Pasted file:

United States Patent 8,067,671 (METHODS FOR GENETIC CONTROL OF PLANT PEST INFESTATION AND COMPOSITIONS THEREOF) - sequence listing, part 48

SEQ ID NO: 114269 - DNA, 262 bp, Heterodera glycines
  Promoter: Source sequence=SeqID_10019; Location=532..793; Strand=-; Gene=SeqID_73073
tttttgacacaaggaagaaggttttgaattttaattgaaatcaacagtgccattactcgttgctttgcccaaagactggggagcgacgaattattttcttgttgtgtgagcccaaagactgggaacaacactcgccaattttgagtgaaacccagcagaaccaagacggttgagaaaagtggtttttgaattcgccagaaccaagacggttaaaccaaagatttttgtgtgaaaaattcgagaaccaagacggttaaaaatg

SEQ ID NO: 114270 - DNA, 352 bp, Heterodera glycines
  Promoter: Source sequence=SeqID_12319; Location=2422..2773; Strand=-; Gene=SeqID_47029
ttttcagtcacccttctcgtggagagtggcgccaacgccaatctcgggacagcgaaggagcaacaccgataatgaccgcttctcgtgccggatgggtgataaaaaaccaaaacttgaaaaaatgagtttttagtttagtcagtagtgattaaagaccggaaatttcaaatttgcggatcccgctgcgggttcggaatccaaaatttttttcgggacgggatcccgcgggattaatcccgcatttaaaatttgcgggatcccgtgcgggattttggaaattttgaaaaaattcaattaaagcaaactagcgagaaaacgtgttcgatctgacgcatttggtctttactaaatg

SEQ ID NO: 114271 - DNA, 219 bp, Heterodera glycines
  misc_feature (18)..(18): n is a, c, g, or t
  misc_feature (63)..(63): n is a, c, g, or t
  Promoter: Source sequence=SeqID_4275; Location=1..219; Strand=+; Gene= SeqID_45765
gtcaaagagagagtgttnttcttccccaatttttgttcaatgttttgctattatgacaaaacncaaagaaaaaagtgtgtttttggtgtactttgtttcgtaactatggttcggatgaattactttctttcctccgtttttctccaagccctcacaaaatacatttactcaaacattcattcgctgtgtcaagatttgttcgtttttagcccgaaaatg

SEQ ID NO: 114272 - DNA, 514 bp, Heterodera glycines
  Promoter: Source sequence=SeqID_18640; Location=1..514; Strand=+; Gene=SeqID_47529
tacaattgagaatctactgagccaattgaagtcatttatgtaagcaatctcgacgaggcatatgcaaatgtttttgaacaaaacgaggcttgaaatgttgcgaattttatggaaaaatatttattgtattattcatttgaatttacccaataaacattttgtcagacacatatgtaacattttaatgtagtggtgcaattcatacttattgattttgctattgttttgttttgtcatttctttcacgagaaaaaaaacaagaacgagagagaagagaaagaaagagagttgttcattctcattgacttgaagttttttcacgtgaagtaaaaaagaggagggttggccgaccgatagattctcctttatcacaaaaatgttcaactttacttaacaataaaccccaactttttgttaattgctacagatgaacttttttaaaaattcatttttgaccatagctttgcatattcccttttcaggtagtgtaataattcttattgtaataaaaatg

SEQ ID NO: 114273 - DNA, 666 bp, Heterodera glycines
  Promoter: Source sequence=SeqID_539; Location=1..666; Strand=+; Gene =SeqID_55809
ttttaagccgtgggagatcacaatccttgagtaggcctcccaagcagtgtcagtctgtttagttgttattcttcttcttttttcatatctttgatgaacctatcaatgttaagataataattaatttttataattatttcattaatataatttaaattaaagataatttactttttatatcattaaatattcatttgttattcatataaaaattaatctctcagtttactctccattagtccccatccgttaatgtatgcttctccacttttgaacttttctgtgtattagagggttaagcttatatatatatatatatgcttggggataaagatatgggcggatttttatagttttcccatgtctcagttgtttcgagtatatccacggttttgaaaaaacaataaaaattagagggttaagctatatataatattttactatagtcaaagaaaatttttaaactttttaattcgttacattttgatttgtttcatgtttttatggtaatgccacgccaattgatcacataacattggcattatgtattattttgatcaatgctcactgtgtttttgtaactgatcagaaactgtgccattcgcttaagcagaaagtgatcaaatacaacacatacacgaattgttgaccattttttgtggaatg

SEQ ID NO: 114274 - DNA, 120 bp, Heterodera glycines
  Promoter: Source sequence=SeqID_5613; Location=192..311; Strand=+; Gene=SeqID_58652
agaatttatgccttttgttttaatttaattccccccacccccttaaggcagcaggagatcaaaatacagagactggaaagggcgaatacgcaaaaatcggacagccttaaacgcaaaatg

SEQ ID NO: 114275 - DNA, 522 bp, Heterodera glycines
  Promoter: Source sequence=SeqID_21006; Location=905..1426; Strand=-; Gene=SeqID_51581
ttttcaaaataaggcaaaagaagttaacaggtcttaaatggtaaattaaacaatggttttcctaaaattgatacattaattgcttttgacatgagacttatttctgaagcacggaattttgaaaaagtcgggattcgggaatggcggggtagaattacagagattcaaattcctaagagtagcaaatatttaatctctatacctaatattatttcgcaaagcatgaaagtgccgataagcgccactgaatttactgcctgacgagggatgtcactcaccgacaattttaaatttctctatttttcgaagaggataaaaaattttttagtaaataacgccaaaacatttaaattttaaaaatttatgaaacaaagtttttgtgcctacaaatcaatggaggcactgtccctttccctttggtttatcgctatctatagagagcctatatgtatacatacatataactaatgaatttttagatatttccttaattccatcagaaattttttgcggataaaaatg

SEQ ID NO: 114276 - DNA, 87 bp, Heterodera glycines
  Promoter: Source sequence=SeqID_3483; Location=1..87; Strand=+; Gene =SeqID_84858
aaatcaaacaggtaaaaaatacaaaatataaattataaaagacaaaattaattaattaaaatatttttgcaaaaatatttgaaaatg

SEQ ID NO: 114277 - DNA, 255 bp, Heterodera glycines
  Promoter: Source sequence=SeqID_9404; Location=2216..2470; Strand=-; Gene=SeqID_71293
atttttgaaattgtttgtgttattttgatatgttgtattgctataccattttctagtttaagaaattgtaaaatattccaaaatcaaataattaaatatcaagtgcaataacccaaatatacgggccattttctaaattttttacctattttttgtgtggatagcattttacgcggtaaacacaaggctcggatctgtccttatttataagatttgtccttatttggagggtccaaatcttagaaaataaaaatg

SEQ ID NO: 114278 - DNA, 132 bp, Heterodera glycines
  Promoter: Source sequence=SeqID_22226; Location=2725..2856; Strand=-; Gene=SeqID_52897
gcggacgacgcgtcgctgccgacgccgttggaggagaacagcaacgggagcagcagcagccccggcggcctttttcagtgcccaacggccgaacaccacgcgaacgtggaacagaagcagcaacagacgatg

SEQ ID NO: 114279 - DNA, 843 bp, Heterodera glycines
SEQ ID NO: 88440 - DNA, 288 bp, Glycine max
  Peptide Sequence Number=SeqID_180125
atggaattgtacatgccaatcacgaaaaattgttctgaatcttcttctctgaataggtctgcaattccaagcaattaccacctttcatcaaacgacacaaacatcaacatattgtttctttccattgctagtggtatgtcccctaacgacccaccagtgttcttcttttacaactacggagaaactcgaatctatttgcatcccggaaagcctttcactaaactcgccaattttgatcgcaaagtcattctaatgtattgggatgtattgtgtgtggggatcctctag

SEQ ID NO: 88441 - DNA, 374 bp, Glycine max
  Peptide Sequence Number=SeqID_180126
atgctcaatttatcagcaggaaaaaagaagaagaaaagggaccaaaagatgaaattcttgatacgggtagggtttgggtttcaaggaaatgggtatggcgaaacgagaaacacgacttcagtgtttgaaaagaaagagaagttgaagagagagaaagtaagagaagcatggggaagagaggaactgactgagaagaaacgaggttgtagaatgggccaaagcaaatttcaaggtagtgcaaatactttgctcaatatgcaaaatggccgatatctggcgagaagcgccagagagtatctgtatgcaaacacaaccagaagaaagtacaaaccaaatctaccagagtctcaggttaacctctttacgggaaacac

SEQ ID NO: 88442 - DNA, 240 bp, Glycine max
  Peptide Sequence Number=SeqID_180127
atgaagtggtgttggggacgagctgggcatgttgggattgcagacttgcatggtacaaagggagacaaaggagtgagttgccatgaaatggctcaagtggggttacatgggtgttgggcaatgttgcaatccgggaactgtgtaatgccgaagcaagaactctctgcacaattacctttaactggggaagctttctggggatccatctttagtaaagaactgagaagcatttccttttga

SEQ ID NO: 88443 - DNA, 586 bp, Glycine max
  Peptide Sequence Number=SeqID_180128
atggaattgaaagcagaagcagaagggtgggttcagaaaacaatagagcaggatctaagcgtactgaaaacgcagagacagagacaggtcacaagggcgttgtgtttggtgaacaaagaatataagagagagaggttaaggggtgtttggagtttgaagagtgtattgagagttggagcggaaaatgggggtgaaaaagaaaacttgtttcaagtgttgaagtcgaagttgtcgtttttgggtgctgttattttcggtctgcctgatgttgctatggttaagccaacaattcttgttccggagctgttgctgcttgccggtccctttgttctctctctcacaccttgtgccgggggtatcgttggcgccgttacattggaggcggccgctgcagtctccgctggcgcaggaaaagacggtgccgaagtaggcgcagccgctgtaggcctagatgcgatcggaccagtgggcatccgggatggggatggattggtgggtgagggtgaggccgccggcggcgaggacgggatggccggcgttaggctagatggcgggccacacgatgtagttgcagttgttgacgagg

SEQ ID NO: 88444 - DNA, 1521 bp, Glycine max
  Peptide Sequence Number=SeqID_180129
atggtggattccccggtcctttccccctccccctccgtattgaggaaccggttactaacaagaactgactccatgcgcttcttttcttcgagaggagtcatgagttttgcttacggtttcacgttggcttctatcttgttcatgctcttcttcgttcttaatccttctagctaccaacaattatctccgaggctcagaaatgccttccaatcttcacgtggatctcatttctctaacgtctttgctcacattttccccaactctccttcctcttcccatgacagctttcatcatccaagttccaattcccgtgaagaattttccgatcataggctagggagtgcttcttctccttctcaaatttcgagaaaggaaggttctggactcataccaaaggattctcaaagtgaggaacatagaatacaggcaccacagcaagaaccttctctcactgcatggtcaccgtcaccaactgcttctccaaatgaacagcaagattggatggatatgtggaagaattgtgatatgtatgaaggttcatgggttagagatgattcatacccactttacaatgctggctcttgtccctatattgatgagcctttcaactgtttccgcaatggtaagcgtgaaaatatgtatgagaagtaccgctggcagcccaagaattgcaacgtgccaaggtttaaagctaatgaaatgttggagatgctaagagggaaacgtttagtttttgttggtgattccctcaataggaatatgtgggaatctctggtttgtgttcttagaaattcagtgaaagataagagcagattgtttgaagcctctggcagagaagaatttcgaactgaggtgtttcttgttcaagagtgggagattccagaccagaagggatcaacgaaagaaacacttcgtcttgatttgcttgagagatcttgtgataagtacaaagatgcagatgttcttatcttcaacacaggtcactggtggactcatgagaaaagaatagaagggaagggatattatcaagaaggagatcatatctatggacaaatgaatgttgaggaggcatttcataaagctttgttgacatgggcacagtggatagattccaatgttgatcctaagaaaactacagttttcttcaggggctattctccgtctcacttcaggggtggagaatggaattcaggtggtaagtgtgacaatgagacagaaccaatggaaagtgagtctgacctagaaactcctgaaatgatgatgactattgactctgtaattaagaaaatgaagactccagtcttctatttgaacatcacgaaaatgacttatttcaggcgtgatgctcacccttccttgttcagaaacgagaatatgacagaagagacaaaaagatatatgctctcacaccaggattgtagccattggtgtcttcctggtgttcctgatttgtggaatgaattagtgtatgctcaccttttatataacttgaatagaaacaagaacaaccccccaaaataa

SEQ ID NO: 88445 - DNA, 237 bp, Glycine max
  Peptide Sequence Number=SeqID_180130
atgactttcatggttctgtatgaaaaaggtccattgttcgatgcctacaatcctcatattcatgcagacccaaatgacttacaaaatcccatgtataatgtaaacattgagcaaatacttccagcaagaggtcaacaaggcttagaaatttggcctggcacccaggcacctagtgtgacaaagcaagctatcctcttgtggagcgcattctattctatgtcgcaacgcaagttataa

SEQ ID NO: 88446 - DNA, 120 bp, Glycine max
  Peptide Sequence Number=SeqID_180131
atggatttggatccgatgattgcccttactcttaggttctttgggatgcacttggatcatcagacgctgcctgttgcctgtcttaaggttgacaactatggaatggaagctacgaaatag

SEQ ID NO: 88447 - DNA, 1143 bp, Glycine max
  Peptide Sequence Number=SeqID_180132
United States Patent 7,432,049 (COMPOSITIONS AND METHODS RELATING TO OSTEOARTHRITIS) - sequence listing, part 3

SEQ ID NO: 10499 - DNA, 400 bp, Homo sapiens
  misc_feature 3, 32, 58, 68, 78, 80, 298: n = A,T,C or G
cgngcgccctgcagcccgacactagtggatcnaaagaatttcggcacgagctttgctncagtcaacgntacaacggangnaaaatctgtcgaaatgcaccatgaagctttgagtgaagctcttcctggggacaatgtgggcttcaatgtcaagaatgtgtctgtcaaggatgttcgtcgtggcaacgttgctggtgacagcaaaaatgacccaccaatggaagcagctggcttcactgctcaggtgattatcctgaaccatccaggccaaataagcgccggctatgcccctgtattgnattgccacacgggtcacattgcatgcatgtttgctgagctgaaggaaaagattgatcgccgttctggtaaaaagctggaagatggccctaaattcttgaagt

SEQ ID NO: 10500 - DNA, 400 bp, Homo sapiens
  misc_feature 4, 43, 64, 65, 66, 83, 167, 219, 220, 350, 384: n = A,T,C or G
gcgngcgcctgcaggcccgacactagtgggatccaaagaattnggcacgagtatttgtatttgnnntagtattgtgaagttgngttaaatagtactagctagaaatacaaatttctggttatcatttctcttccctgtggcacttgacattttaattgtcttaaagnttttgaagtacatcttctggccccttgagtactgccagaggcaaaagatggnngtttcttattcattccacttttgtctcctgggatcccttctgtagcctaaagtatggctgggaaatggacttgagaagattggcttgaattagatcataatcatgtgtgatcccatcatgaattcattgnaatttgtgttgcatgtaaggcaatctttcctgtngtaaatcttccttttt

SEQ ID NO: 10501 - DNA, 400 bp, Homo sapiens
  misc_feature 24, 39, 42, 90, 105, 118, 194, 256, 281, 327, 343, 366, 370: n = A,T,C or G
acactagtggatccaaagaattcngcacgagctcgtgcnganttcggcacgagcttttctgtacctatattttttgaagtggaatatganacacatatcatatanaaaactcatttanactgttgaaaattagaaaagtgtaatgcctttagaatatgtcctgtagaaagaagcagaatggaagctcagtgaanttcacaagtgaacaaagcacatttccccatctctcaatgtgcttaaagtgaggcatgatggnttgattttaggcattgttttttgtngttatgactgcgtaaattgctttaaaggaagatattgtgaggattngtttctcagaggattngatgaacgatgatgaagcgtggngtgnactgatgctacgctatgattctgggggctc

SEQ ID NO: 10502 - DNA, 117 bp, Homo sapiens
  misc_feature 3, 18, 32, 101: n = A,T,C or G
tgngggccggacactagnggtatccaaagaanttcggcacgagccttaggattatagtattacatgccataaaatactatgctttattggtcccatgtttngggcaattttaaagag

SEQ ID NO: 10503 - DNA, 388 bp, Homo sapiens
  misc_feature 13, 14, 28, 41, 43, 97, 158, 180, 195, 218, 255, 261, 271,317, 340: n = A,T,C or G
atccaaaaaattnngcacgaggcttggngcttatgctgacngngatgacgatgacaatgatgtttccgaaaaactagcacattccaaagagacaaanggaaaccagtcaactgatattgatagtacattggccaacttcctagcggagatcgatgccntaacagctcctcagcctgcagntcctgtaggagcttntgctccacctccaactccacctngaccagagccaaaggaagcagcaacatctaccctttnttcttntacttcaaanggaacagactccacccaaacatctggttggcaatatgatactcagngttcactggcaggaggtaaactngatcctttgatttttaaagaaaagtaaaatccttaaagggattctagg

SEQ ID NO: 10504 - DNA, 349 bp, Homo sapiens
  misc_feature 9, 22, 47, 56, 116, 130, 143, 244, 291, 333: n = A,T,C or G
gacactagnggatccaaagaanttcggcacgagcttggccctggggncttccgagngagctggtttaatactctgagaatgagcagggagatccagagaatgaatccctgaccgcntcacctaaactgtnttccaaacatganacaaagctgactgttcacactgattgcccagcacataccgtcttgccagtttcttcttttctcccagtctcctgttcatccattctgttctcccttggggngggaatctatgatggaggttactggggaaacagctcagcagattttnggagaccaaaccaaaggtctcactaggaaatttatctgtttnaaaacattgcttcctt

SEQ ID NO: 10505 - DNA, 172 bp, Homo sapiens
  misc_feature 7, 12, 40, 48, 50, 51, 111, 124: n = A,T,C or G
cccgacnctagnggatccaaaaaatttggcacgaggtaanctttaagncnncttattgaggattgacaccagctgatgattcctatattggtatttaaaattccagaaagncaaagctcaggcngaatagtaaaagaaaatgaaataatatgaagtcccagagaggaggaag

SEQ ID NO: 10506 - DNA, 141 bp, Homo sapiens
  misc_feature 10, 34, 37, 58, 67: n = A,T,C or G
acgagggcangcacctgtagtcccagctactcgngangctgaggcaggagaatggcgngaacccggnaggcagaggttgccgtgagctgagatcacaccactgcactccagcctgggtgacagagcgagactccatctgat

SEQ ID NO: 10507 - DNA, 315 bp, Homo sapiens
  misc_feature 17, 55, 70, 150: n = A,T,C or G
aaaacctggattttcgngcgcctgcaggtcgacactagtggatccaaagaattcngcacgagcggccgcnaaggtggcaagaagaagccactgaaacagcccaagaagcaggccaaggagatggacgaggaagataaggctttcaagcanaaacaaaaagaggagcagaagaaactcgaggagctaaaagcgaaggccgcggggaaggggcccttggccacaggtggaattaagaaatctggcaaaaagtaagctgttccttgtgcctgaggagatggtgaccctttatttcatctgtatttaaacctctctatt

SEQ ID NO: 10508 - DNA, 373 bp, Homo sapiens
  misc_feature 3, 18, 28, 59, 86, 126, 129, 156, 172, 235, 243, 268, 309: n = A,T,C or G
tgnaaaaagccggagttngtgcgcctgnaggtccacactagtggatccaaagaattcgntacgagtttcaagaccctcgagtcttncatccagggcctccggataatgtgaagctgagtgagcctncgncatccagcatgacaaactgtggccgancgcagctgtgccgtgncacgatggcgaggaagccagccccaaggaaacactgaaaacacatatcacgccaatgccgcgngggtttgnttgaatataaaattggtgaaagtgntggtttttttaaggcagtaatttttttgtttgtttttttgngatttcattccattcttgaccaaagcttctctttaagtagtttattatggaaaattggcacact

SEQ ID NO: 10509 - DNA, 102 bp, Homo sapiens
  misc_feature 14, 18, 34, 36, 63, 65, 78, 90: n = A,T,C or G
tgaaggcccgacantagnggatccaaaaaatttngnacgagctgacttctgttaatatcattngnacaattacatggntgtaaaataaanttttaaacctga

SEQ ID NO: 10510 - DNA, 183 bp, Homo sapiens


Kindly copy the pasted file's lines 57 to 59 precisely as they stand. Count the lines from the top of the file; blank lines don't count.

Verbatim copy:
  Peptide Sequence Number=SeqID_180132
United States Patent 7,432,049 (COMPOSITIONS AND METHODS RELATING TO OSTEOARTHRITIS) - sequence listing, part 3

SEQ ID NO: 10499 - DNA, 400 bp, Homo sapiens